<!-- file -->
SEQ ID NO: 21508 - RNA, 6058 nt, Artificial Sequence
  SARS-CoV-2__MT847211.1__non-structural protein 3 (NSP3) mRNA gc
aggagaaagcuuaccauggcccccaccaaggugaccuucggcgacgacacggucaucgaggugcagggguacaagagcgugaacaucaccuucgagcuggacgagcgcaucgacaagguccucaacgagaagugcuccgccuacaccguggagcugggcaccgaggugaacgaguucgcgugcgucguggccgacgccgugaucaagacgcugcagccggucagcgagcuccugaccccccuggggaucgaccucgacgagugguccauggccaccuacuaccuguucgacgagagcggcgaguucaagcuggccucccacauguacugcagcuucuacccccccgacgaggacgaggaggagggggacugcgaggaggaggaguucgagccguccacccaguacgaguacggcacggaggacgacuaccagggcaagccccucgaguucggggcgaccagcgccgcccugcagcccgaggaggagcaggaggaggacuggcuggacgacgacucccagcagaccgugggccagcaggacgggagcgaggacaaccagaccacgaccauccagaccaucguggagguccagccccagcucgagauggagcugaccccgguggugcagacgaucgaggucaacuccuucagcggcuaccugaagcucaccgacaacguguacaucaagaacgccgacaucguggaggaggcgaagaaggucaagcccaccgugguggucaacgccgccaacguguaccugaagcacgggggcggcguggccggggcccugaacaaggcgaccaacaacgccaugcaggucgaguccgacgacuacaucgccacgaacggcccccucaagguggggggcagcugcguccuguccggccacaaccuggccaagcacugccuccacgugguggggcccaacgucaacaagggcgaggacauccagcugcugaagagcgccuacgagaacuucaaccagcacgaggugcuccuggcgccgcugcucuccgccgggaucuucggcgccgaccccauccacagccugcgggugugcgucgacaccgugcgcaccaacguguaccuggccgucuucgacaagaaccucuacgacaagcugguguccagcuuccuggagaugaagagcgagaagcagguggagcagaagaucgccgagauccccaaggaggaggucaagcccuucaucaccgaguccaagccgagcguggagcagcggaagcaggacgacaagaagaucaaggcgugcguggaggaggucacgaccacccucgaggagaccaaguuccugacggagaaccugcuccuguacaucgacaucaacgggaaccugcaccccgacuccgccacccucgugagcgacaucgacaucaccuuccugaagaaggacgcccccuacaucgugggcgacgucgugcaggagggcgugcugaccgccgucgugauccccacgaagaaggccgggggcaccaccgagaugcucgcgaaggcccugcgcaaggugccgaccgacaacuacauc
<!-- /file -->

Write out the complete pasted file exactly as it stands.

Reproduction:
SEQ ID NO: 21508 - RNA, 6058 nt, Artificial Sequence
  SARS-CoV-2__MT847211.1__non-structural protein 3 (NSP3) mRNA gc
aggagaaagcuuaccauggcccccaccaaggugaccuucggcgacgacacggucaucgaggugcagggguacaagagcgugaacaucaccuucgagcuggacgagcgcaucgacaagguccucaacgagaagugcuccgccuacaccguggagcugggcaccgaggugaacgaguucgcgugcgucguggccgacgccgugaucaagacgcugcagccggucagcgagcuccugaccccccuggggaucgaccucgacgagugguccauggccaccuacuaccuguucgacgagagcggcgaguucaagcuggccucccacauguacugcagcuucuacccccccgacgaggacgaggaggagggggacugcgaggaggaggaguucgagccguccacccaguacgaguacggcacggaggacgacuaccagggcaagccccucgaguucggggcgaccagcgccgcccugcagcccgaggaggagcaggaggaggacuggcuggacgacgacucccagcagaccgugggccagcaggacgggagcgaggacaaccagaccacgaccauccagaccaucguggagguccagccccagcucgagauggagcugaccccgguggugcagacgaucgaggucaacuccuucagcggcuaccugaagcucaccgacaacguguacaucaagaacgccgacaucguggaggaggcgaagaaggucaagcccaccgugguggucaacgccgccaacguguaccugaagcacgggggcggcguggccggggcccugaacaaggcgaccaacaacgccaugcaggucgaguccgacgacuacaucgccacgaacggcccccucaagguggggggcagcugcguccuguccggccacaaccuggccaagcacugccuccacgugguggggcccaacgucaacaagggcgaggacauccagcugcugaagagcgccuacgagaacuucaaccagcacgaggugcuccuggcgccgcugcucuccgccgggaucuucggcgccgaccccauccacagccugcgggugugcgucgacaccgugcgcaccaacguguaccuggccgucuucgacaagaaccucuacgacaagcugguguccagcuuccuggagaugaagagcgagaagcagguggagcagaagaucgccgagauccccaaggaggaggucaagcccuucaucaccgaguccaagccgagcguggagcagcggaagcaggacgacaagaagaucaaggcgugcguggaggaggucacgaccacccucgaggagaccaaguuccugacggagaaccugcuccuguacaucgacaucaacgggaaccugcaccccgacuccgccacccucgugagcgacaucgacaucaccuuccugaagaaggacgcccccuacaucgugggcgacgucgugcaggagggcgugcugaccgccgucgugauccccacgaagaaggccgggggcaccaccgagaugcucgcgaaggcccugcgcaaggugccgaccgacaacuacauc